Coaches have long been ignored by FINA. They have been treated as baths attendants, as “necessary evils” at best. So how to bring in the athletes? THE ALLIANCE 311 In order to reach legitimate goals, the concept of an “Athlete’s Alliance for the Betterment of Sport” was considered at the Perth WSCA meeting (Jan. 1998), where it was debated and agreed to. However, everybody being well occupied in living busy lives, this has meant that only now are we ready to launch. The Alliance basically will be open to membership of all those, world-wide, who subscribe to the Four Goals. It will recruit, in the main, swimmers, past and present, coaches; interested parents; and not least, prominent scientists and anti-doping activists and publicists such as Dr. Werner Franke (German molecular biologist and world renowned drugs expert), Dr. John Hoberman (scholar, researcher and author of Mortal Engines, the classic book on doping history), and Phil Whitten (Editor of Swimming World), Karen Helmstadt and Cecil Colwin (outstanding activist writers on Swimming). All have enthusiastically agreed to serve as consultants. It is envisaged that swimmers will be at the core of the Alliance, and it is recognized that current competitors are kept busy with their training and competitions, so it is expected that past prominent swimmers will play the most active role in the movement. These include such luminaries as Shane Gould, Mark Spitz, Janet Evans and Kurt Grote. Many present athletes have already signed their agreement to the Four Points. The Internet An internet site will be set up with, we expect, multiple links to attract potential members. At this stage we envisage joining the Alliance through the site with the acknowledgment of a commitment to the four goals, perhaps with a nominal joining fee. Regular newsletters and resource articles will appear just one click away on the website. Coaches and others will be encouraged to down-load material for distribution to clubs, potential members, and for media releases.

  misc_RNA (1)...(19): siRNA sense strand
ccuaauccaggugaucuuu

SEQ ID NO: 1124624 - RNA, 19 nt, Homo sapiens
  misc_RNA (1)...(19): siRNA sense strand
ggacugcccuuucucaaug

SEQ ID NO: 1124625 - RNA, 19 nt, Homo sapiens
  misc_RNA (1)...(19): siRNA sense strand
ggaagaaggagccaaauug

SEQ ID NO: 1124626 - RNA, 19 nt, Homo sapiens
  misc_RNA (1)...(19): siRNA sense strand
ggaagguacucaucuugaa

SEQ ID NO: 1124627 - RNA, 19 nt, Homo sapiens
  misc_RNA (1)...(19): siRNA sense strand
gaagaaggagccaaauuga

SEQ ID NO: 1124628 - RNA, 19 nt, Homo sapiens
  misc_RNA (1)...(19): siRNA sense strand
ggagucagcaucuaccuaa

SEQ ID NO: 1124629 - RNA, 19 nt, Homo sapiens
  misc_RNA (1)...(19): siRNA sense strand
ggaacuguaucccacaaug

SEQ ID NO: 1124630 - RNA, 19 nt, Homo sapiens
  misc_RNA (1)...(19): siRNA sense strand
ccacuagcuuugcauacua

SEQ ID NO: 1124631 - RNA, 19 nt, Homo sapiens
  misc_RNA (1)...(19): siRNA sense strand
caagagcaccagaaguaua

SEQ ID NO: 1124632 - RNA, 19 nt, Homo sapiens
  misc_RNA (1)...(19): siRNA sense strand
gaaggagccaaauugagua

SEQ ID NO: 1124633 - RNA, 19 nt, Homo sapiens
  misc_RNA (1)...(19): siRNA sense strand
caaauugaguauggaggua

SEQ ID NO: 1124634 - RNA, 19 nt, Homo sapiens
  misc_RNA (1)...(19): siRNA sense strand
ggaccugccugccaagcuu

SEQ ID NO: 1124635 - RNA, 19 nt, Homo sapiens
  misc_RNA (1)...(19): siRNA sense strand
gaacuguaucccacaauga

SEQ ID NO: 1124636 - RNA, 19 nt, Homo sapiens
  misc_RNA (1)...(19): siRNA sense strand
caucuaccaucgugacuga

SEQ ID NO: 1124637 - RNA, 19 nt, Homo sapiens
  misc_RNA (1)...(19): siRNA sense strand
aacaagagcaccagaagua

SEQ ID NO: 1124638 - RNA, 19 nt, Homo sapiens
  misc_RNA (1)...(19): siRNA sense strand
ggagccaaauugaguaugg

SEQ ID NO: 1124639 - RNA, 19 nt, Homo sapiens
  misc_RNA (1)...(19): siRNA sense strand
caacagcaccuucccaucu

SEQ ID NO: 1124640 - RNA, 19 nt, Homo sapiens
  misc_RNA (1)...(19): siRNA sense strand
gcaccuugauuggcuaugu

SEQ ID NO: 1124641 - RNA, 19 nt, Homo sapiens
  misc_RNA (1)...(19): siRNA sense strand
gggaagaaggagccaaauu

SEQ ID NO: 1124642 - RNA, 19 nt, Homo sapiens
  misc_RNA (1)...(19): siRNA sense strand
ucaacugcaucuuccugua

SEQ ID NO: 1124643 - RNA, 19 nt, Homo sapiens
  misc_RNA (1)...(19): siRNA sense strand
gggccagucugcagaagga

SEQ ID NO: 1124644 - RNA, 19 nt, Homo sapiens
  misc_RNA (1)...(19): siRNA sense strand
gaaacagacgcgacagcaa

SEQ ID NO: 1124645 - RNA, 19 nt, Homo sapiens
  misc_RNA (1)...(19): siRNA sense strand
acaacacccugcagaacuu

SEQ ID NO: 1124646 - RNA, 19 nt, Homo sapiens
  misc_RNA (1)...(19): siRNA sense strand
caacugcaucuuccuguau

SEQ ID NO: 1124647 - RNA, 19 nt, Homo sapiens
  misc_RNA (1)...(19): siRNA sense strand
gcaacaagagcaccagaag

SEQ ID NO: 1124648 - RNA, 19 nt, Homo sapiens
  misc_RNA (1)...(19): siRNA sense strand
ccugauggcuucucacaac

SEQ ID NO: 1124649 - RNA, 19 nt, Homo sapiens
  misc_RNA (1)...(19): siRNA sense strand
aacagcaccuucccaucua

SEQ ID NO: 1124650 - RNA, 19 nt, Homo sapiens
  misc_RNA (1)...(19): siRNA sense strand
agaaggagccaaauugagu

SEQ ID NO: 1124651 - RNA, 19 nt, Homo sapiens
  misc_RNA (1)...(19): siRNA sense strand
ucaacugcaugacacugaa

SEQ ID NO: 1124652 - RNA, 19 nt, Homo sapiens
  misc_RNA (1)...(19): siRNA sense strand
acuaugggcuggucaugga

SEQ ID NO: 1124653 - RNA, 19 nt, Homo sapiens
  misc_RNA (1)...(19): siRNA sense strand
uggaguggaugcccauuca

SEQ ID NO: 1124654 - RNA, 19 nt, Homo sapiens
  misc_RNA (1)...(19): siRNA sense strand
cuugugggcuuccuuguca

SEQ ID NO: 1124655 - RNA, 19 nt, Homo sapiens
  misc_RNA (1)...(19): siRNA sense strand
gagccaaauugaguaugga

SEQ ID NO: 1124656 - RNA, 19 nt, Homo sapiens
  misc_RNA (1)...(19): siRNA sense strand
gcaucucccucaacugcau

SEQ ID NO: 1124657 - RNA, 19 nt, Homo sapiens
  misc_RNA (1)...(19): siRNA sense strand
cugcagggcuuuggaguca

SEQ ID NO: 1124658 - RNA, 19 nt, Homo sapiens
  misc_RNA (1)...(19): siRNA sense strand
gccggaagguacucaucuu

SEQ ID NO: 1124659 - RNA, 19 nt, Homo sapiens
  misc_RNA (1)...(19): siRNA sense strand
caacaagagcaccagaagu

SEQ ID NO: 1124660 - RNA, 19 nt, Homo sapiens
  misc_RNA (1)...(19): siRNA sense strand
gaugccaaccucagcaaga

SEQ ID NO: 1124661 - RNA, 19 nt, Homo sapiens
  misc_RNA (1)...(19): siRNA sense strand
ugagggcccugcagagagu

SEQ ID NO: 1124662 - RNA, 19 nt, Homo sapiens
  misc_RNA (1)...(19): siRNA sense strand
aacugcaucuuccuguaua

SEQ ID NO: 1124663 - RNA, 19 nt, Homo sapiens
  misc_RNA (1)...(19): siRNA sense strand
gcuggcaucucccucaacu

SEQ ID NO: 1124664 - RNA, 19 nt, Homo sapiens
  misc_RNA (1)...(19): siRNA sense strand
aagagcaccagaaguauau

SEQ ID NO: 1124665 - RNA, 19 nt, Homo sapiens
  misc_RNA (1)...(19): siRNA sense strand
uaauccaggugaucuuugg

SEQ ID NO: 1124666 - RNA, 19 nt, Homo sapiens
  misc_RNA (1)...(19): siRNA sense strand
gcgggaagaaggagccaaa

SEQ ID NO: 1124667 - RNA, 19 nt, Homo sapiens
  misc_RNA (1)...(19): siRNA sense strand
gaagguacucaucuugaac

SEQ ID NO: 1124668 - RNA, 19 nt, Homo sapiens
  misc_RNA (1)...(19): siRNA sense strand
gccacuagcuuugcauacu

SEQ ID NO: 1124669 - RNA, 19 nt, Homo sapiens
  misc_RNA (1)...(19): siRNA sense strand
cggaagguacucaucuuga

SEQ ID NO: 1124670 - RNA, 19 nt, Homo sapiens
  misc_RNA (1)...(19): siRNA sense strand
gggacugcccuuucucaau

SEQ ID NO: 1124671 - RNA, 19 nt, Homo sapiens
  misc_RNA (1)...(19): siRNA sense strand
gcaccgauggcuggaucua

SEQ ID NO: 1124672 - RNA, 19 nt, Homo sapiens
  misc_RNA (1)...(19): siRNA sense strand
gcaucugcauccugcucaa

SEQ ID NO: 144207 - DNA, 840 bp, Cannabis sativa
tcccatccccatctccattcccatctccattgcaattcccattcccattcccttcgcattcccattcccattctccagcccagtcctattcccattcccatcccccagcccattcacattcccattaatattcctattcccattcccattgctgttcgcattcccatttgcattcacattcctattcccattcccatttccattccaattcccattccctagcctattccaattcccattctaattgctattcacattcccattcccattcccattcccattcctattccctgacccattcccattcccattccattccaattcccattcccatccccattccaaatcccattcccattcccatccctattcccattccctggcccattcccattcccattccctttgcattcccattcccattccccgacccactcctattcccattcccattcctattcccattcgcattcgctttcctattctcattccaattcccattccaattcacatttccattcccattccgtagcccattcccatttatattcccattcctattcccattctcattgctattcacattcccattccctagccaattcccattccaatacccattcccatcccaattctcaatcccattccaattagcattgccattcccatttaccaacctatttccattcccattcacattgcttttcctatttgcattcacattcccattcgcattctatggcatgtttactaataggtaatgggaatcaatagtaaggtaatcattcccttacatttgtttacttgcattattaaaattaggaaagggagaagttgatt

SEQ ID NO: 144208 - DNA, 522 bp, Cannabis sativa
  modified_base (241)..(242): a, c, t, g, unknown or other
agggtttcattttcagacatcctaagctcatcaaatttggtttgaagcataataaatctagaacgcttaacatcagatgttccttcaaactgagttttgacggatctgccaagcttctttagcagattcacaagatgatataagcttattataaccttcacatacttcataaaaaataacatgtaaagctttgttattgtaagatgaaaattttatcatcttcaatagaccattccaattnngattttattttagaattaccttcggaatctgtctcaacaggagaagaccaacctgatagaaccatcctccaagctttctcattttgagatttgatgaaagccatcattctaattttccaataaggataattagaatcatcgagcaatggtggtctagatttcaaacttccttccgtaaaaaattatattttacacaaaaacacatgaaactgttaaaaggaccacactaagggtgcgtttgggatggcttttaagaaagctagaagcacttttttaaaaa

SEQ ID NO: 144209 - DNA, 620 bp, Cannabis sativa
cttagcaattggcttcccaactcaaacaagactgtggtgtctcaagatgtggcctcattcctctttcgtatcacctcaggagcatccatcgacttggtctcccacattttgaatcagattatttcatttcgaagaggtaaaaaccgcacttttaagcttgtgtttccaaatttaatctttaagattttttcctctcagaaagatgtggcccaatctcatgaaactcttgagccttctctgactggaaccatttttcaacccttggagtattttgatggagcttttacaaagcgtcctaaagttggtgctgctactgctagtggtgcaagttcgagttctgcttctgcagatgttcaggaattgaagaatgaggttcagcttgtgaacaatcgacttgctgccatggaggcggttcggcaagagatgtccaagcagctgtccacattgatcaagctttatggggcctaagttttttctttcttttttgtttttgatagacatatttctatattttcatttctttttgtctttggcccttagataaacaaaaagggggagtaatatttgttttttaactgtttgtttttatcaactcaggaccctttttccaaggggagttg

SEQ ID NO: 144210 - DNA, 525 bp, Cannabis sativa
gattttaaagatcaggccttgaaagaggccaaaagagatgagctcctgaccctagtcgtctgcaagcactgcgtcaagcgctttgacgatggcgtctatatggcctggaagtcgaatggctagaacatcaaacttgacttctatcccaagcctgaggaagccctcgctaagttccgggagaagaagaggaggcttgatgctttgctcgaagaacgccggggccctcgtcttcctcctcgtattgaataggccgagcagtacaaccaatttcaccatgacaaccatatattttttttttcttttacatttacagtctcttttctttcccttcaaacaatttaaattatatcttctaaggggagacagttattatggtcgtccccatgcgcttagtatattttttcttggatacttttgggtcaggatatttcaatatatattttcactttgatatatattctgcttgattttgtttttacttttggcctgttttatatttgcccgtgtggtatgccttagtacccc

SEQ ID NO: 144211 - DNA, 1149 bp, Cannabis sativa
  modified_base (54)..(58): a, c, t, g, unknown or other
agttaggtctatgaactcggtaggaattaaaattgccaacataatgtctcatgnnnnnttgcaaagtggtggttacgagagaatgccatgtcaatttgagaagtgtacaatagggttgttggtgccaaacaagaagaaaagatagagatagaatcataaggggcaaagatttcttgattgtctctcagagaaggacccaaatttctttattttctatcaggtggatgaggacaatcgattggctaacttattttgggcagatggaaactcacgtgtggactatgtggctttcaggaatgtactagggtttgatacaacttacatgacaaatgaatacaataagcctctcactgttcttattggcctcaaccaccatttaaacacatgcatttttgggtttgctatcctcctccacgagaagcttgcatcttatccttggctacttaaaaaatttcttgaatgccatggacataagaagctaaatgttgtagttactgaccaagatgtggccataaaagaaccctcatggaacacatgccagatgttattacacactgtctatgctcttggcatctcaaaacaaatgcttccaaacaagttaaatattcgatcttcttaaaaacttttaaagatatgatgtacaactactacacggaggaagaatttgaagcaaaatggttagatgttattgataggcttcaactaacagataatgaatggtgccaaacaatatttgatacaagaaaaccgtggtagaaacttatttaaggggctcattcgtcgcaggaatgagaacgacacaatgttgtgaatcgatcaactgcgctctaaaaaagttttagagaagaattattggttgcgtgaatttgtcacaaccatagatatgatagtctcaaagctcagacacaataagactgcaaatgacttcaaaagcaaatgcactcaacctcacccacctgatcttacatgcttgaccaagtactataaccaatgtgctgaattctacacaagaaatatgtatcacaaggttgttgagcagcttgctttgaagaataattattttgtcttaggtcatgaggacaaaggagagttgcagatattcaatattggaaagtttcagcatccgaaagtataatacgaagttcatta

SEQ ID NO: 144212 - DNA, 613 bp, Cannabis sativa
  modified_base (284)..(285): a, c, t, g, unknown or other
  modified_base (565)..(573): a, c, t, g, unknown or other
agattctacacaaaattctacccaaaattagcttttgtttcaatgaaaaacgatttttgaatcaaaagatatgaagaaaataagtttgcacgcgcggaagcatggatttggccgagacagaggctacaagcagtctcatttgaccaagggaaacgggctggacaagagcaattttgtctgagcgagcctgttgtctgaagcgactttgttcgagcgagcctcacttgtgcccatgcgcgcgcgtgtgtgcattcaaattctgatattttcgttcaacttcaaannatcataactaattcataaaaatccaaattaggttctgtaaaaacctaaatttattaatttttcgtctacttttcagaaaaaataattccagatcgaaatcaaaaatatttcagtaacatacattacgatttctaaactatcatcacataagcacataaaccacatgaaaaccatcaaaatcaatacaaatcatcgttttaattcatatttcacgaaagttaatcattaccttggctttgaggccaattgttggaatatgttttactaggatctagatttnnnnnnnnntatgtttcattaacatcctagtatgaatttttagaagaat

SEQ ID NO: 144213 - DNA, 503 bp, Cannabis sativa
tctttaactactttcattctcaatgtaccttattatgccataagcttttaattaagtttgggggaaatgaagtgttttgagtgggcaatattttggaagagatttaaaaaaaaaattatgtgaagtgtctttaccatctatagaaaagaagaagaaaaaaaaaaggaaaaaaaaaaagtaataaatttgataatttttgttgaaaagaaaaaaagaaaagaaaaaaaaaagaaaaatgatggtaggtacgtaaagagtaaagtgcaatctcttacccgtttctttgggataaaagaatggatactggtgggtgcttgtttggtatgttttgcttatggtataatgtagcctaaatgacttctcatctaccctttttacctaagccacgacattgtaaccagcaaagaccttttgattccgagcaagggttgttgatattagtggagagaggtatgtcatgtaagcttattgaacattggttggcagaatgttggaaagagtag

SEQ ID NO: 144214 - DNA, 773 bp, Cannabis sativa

There will be a facility to trade ideas aimed at bettering swimming, to communicate, and to input ideas. Hopefully we will move to other languages as well as English. At an August meeting of WSCA, Directors in Hawaii (NOT with WSCA funds incidentally), it was decided to accept the offer of U.S. ASCA to take the reins and be responsible for getting the Alliance off the ground. This is an important and exciting break through not only in fighting the Doping War, but for the general betterment of our sport. ASCA will at first drive the swimmer-dominated Alliance. This strategy with its easily administered plan of action should work. Watch for the Alliance link on your swimming websites soon. Join please, and have all your swimming acquaintances do likewise. How many of us want the world stopped so we can get off? Do we want to say individually, “Go ahead, good luck, but I person ally am going to opt out of the fight, and will continue on my merry care-free way?” We do not think so. This will certainly will not be the position of the Alliance. The odds may seem to be against us, but we aim at changing things, in FINA. And why not change the IOC which administration, and some aspects of the Olympic Games themselves have long past their usefulness? Clear in our sights should be FINA, targeted to put our “Swimming house” in order. We can work on the IOC through FINA. We want you with us, coaches in WSCA and all swimming people in the Alliance. “Without the ‘whistleblowers,’ modern society would be lost to the barbarity of market forces, of political expediency damage control, of cover-up and of institutional and corporate lying and mediocrity.”* We do not intend to be silenced, in fact we will, if necessary, noisily and conspicuously draw attention to the ineptness we perceive in FINA whilst coaches and swimmers continue to be excluded from participation in its considerations. *Quinton Demster, Whistleblowers 1997.